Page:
Growing competition among the top three search engines in the mainland's buoyant internet market could prove to become a clash of the titans.
For the moment, Baidu remains the top player, claiming more than 80 per cent of web-page searches on the mainland in September. But it is already feeling the pinch from challengers, struggling in particular to keep mobile users.
Meanwhile, online security software developer Qihoo 360, which launched its search engine www.so.com  in August last year, is winning users from Baidu, and this week claimed it commanded a 20 per cent market share of web-page searches last month and targeted a 25 per cent share by the end of the year.
In September, internet giant Tencent teamed up with Sogou, a subsidiary of the country's major internet portal Sohu, to bolster its presence in the search market. Tencent invested US$448 million for a 36.5 per cent stake in Sogou, and merged its Soso search engine and QQ Chinese input with Sogou. The tie-up between the two will pit them in a pitched battle with the top two providers Baidu and Qihoo 360.
"The competition can now be expected to become even more intense," said Lucy Zhang, an analyst with internet consultancy iResearch.
In the fast-evolving internet industry, search engine business is an important battlefield because search services are mature products with a stable business model, according to Zhang. "Growth in search advertising exceeded that of traditional display advertising in the past couple of years."
Nasdaq-listed Baidu, whose core business is selling advertisements online, posted a year-on-year rise in revenue of 42.3 per cent to 8.9 billion yuan (HK$11.3 billion) in the third quarter of this year.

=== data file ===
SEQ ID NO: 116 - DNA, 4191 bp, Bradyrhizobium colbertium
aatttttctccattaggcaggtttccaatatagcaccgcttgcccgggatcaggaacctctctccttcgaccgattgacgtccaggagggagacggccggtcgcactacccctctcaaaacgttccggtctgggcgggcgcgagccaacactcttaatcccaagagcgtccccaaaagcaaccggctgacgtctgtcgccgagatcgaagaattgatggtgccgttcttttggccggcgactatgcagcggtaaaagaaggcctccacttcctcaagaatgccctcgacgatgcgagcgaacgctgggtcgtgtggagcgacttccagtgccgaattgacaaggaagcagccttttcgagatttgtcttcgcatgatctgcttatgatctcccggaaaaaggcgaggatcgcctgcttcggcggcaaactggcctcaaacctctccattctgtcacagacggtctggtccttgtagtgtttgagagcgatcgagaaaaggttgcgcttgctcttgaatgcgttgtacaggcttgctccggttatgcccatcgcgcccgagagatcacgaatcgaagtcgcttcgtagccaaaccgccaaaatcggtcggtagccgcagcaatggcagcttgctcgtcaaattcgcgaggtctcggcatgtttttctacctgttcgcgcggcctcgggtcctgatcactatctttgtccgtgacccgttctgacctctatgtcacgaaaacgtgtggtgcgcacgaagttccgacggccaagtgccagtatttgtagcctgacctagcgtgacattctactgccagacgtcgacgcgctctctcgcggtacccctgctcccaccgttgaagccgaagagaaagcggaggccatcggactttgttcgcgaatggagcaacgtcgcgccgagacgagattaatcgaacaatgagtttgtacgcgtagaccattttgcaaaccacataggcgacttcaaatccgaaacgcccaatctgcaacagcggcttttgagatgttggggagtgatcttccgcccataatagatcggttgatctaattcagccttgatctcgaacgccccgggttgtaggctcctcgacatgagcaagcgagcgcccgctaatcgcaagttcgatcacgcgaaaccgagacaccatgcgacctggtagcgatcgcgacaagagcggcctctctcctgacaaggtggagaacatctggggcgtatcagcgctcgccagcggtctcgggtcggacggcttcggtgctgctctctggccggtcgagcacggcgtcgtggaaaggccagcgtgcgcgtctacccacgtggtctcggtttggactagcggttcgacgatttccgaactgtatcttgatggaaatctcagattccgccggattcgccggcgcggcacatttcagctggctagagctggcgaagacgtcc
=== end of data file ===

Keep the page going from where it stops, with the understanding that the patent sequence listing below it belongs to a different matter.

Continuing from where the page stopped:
As the market leader, it commanded 63 per cent of market share in September, according to data from internet data provider CNZZ.
Next in line were Qihoo 360 with 19 per cent, and Sogou with 10.4 per cent. Tencent's Soso was ranked fourth with a 4 per cent market share.
Zhang said the trend emerging in the market indicated that challengers were consolidating their positions and were threatening to take a growing share of Baidu's market.
The biggest threat, Zhang said, would come from Qihoo 360 because it was the most aggressive. "Qihoo has targeted the industry's No1 as their rival," she said.
By joining forces, Sogou and Soso had consolidated their foothold and created the potential for growth, she said, but it was not yet clear how the two will co-operate to make the best use of their combined resources.
"My expectation is that they will keep two search engines to cater for different groups of customers," Zhang said.
She doubted how much help WeChat - a popular mobile messaging application owned by Tencent - would be to the firm's search engine business. "So far, Soso hasn't been able to benefit from the large user pool of WeChat," she said.
Tencent has been trying to popularise Soso among its QQ users in the past years with no remarkable success, she said.